- From 6 April 2019, the period for reinvestment of gains on disposal of qualifying holdings investments will increase from 6 to 12 months, and the proportion of VCT funds that must be held in qualifying holdings will increase from 70% to 80%
Although these changes are technical, the refocusing of VCTs on investment in higher risk companies is commendable, although time will tell as to whether these changes achieve the intended outcome.
VCTs and commercial mergers
This change will restrict the application of a particular anti-avoidance provision which can prevent commercial mergers of VCTs.
The anti-avoidance rule restricts income tax relief where a VCT buys back shares from an investor and the investor subscribes for new shares in the same VCT within a 6 month period. It also restricts income tax relief for investors who sell shares in a VCT and subscribe for new shares in another VCT within a 6 month period, where those VCTs merge.
The change will ensure that income tax relief may no longer be withdrawn where the relevant VCTs merge more than 2 years after the latest subscription for shares, or do so where it is not one of the main purposes of the merger to obtain a tax advantage.
Any change that deals with unfair anomalies which restrict or remove reliefs in commercial situations has to be welcomed.
Other proposals for venture capital schemes
There will be further consideration of whether the advance assurance process for venture capital schemes can be simplified and streamlined, and in addition the government will consult in 2018 on the introduction of a new knowledge-intensive EIS fund structure in which there would be flexibility to deploy capital raised over a longer period.
Withholding taxes on interest and royalty payments
As previously announced, the requirement to deduct income tax on payments of UK source interest is to be removed for debt that is traded on a Multilateral Trading Facility (MLT) operated by an EEA-regulated recognised stock exchange.
This extension of relief for interest payments (which will include payments to non-UK resident lenders) appears to be inconsistent with the government’s intention to expand the circumstances in which royalty payments to businesses outside the UK should be subject to income tax. It is clear from the Chancellor’s speech that the target of this latter measure will be digital businesses operating offshore.
The extension of the interest withholding tax exemption to debt instruments traded on an MLT is welcomed and provides comfort that the already generous exemption afforded to listed debt (the Quoted Eurobond exemption) will continue. Given the complexity of existing legislation in relation to the payment of royalties it remains to be seen what additional measures could be introduced that would have the intended impact on the large digital companies which are perceived to avoid tax by shifting profits from UK sales via the payment of royalties offshore.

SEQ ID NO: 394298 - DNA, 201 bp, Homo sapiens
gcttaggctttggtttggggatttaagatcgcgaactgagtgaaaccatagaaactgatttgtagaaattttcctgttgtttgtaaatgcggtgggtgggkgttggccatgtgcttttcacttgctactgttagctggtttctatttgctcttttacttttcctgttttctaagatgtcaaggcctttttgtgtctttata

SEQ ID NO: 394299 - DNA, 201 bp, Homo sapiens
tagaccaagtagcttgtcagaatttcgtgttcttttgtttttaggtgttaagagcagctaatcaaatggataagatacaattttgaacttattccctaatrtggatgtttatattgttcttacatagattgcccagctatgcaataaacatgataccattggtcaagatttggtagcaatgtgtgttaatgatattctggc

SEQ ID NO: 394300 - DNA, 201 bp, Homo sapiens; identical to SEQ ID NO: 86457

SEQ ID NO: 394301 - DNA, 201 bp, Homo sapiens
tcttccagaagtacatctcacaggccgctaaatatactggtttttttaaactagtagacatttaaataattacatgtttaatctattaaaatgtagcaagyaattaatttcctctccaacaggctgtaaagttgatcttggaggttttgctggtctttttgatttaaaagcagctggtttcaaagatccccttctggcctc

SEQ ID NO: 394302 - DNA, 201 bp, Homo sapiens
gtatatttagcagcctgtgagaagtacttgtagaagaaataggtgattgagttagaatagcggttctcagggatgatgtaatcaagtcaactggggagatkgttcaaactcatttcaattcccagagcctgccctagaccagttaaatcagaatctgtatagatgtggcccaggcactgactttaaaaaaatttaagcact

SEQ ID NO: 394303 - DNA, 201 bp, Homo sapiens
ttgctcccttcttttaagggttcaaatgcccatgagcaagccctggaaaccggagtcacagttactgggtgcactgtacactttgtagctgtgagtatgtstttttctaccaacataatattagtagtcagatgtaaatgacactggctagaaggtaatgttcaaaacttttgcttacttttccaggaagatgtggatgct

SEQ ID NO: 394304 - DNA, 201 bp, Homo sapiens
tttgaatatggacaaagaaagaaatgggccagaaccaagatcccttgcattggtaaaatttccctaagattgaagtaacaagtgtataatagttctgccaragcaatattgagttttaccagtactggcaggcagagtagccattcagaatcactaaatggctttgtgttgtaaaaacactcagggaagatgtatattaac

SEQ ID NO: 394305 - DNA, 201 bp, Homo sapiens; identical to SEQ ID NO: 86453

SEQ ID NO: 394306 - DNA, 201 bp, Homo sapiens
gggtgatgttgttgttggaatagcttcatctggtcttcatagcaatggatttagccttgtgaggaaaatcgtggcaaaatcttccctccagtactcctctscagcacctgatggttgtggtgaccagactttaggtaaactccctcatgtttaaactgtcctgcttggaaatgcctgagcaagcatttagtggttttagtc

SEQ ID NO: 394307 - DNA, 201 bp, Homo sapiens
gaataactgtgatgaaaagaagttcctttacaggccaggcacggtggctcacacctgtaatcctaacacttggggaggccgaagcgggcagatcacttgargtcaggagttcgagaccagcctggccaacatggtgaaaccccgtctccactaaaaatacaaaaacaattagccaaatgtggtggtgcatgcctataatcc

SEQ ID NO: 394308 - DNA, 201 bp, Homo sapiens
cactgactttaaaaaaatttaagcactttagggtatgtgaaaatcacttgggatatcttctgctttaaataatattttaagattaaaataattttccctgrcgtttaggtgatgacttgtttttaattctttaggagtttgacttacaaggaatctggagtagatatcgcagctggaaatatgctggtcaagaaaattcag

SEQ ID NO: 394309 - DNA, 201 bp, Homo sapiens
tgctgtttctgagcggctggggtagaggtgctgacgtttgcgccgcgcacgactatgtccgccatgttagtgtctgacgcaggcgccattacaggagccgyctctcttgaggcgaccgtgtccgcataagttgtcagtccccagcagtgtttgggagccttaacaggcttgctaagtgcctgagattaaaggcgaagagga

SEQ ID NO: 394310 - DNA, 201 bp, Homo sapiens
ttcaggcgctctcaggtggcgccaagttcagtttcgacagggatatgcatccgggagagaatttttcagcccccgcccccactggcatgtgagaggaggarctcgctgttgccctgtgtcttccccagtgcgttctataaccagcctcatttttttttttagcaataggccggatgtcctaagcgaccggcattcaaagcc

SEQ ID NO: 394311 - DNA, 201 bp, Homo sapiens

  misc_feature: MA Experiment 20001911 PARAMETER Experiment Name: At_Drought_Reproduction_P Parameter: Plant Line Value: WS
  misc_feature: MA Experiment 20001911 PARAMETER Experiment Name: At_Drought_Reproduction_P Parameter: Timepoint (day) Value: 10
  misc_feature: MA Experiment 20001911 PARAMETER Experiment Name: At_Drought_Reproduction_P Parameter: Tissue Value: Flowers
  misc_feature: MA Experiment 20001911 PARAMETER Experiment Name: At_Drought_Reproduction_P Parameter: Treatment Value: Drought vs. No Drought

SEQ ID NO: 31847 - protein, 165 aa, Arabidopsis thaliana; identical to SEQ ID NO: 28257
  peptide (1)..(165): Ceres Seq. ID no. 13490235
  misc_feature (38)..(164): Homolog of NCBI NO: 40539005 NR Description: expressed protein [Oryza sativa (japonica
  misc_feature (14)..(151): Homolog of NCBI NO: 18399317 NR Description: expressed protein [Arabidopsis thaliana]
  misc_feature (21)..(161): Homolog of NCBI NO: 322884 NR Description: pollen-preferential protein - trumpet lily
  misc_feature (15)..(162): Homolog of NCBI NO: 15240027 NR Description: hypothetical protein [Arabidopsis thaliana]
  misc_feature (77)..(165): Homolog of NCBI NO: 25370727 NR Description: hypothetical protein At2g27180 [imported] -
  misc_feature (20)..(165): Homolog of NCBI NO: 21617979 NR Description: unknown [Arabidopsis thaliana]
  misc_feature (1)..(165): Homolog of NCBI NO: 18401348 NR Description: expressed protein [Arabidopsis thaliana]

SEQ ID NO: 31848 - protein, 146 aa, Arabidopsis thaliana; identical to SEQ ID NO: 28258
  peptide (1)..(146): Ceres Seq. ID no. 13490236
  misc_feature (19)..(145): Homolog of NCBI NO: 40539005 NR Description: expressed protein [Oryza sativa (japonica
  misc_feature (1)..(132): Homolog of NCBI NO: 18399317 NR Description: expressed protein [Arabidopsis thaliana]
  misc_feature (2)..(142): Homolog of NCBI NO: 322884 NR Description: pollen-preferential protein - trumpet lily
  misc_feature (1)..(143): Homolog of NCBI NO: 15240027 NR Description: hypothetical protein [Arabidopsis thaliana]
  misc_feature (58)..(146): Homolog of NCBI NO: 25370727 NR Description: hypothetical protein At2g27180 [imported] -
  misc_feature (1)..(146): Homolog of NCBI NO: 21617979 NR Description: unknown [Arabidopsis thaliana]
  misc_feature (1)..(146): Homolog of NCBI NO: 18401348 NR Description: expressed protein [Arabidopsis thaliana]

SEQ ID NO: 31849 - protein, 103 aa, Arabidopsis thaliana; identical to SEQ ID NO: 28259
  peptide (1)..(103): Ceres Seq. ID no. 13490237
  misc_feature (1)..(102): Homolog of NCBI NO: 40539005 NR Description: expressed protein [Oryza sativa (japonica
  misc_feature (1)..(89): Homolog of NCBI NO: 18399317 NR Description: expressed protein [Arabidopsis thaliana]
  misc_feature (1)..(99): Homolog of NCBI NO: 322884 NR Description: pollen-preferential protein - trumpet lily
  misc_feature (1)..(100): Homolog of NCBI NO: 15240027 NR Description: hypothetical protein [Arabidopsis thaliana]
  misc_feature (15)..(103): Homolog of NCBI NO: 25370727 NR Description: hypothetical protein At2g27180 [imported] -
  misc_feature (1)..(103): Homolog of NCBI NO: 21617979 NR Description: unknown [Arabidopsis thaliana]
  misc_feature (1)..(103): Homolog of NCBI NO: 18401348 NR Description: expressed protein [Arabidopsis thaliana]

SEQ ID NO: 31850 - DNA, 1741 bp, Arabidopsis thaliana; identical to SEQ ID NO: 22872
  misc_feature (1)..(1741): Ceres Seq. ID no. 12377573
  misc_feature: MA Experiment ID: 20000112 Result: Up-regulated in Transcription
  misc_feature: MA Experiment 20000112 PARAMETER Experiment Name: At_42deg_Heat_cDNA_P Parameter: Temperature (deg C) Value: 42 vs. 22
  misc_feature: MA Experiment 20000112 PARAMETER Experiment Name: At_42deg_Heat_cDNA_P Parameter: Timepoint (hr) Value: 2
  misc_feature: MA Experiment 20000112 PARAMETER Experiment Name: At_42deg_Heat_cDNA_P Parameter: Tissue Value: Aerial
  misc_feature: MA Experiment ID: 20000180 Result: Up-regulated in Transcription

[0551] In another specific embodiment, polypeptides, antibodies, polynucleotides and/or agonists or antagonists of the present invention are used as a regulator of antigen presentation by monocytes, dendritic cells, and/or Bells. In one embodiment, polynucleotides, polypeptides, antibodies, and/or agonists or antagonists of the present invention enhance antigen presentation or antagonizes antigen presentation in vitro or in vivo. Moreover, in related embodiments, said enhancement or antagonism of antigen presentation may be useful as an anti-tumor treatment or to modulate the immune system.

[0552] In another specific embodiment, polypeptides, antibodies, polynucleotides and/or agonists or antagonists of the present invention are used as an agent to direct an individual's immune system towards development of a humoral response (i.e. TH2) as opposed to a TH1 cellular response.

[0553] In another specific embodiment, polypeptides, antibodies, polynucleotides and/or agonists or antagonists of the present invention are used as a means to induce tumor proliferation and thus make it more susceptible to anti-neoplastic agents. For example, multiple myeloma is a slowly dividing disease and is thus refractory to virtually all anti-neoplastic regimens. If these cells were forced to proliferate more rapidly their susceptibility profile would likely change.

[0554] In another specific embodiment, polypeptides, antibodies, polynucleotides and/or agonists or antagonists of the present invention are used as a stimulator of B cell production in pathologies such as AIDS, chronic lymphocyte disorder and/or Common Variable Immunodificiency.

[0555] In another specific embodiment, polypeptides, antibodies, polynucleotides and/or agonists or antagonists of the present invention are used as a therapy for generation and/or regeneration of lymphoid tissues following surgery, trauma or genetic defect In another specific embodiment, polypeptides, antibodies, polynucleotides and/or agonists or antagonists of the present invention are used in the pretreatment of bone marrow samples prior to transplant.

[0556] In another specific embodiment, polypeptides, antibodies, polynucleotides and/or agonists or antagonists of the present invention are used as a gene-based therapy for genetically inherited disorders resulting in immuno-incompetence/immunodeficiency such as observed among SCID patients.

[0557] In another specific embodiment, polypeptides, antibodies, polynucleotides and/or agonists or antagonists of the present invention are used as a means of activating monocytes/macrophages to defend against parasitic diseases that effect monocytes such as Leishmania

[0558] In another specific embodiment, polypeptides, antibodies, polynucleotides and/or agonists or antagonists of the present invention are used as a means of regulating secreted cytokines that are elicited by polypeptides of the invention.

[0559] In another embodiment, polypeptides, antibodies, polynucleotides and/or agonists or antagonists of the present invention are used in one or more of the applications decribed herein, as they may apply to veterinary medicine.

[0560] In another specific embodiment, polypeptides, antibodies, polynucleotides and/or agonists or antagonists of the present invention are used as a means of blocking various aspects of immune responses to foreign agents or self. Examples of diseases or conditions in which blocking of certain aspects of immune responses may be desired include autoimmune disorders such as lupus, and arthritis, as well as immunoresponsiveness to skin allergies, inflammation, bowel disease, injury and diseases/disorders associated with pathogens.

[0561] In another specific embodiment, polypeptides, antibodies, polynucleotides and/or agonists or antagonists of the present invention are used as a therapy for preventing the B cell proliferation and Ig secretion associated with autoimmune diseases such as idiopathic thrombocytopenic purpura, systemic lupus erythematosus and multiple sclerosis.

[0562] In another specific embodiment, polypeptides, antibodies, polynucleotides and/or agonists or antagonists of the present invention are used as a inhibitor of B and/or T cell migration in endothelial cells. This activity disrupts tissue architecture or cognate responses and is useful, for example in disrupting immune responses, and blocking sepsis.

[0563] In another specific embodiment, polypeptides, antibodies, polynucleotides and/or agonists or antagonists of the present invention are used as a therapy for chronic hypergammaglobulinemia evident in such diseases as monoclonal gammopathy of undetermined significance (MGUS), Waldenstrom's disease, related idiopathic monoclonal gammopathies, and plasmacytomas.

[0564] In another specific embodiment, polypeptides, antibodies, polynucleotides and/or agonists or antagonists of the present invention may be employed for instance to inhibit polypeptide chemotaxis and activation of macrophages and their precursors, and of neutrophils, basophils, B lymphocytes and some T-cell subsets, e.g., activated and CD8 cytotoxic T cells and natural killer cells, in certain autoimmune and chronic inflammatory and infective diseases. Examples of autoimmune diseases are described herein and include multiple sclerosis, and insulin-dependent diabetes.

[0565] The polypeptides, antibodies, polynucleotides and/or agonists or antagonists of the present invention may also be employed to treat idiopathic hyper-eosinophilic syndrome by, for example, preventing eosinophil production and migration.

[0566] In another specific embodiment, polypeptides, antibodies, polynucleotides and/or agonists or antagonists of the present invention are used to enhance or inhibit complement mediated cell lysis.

The Chancellor announced a number of changes to the capital allowances regime, principally extensions to existing enhanced and accelerated allowances.
- Annual update to Energy Technology list
The capital allowances regime offers a 100% First Year Allowance (FYA) on capital expenditure on the provision of plant or machinery within prescribed technologies focused principally on environmental and energy efficiencies. The change updates and amends the list of technologies and products.
- Changes to First Year Tax Credits (FYTC)
Companies investing in the above technologies, but which are loss making, are able to surrender their losses attributable to FYAs. The current rate of claim is the headline rate of corporation tax, 19%. The scheme was due to come to an end on 31 March 2018, but it will be extended from 1 April 2018 for 5 years, but with the rate of repayable credit being reduced to 2/3 of the headline corporation tax rate.
- Extension of FYA for zero-emission goods vehicles and gas refuelling equipment
This scheme was also due to come to an end on 31 March 2018, but is to be extended for a further three years to 31 March 2021.
These provisions are intended to encourage businesses to invest in “clean technologies”. The extensions are to be welcomed, although the “negligible” exchequer impact assessments suggest that behaviours are not changing as rapidly as the government would like.